‘Quiet Edmund!’ the knight on its back whispered.

His armour was untouched, with the emblem of a double headed eagle on his chest. His eyes were weary and talked of nights of restless contemplation. A blunt sword served him as a cross, blessing the dark chasm that opened at his feet. 

Three bloodhounds followed their master with reluctant whimpers. Their tense, muscular bodies urged the man to retreat from his imminent fate. The knight spurred the horse’s sore flanks. His breath stopped in his chest as his left arm lifted his father’s heater shield.  

In a loud cry he entered the dark cavern of twisted trees and thorn bushes. A pair of fiery eyes glimmered in the belly of the chasm. The hounds howled but dared not follow in their master’s steps. The breath of fire pierced the knight’s pale skin, as he looked into the eyes of the Vasan dragon.

The sword was flung with the precision of an arrow into the creature’s scaly heart. Its dark grey head crushed the ash covered trees around it. The rider slid off his horse, under the weight of his burning armour. The horse bolted into the morning light as the knight whispered his forgiveness.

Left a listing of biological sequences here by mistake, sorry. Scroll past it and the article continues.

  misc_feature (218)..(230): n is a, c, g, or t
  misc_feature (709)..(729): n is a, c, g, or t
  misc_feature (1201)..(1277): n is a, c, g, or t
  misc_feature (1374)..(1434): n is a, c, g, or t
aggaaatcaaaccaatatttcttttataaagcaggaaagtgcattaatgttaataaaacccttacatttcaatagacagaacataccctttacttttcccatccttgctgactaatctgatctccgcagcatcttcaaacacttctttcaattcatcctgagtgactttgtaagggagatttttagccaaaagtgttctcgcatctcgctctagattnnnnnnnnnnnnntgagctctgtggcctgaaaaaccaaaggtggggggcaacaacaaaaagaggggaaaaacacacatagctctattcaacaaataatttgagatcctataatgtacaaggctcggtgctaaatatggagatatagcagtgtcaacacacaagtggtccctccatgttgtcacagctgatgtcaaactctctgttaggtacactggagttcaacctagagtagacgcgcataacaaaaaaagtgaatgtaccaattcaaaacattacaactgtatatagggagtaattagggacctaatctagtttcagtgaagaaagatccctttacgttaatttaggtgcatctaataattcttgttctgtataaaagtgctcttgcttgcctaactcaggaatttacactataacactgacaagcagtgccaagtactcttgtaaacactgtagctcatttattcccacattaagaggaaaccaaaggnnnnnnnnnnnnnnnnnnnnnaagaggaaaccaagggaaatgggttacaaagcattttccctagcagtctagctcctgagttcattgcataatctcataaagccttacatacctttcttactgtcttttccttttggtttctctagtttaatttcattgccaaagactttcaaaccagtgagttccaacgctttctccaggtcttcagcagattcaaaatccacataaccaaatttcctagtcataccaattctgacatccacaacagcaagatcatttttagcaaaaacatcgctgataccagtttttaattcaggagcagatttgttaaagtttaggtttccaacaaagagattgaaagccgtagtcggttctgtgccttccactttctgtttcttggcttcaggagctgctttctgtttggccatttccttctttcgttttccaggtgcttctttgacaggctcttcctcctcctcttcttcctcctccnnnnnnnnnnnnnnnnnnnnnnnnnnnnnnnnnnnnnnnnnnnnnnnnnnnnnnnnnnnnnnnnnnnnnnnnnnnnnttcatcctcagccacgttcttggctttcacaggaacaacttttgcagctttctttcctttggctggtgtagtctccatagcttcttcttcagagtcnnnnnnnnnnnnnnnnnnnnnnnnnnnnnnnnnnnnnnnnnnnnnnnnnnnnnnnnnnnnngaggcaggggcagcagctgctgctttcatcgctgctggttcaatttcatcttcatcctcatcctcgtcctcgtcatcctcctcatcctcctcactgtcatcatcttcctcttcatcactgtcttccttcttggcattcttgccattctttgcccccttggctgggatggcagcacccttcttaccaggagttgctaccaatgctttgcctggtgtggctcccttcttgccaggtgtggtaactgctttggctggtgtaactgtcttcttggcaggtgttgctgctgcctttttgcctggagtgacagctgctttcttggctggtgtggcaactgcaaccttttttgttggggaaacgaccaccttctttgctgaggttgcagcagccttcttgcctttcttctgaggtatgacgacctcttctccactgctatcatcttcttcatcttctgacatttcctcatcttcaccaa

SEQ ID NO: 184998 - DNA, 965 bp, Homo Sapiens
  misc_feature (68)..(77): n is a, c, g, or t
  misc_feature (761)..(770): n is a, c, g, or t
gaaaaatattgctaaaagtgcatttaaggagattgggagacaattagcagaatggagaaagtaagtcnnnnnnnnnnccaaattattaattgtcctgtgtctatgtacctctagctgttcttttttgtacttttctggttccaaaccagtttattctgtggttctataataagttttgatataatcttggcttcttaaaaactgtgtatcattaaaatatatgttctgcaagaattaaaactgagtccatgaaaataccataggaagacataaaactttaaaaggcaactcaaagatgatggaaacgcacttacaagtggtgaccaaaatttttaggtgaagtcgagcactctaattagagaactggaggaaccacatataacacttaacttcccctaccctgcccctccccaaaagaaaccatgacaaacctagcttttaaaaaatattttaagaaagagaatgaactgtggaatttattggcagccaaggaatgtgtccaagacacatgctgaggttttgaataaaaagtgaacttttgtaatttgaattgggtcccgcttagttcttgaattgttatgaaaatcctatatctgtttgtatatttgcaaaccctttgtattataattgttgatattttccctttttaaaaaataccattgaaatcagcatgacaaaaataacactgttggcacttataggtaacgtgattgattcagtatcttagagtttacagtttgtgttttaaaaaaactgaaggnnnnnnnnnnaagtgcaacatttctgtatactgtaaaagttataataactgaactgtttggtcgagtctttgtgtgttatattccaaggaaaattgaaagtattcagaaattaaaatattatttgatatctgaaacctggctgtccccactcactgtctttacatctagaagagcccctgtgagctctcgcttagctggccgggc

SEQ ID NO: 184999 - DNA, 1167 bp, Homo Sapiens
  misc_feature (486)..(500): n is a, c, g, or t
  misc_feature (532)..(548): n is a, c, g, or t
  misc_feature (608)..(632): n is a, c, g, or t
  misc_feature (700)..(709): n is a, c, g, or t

With his last breath, the knight took off his helmet to behold the beauty that emerged from the ashes. A diaphanous nymph crawled from underneath the dragon’s pitch black claws. She ran to her saviour with eerie footsteps and gave him a kiss as his soul departed his chest. 

‘May our love be renewed when the sun will set over this world,’ she whispered and walked out of the darkness in silence.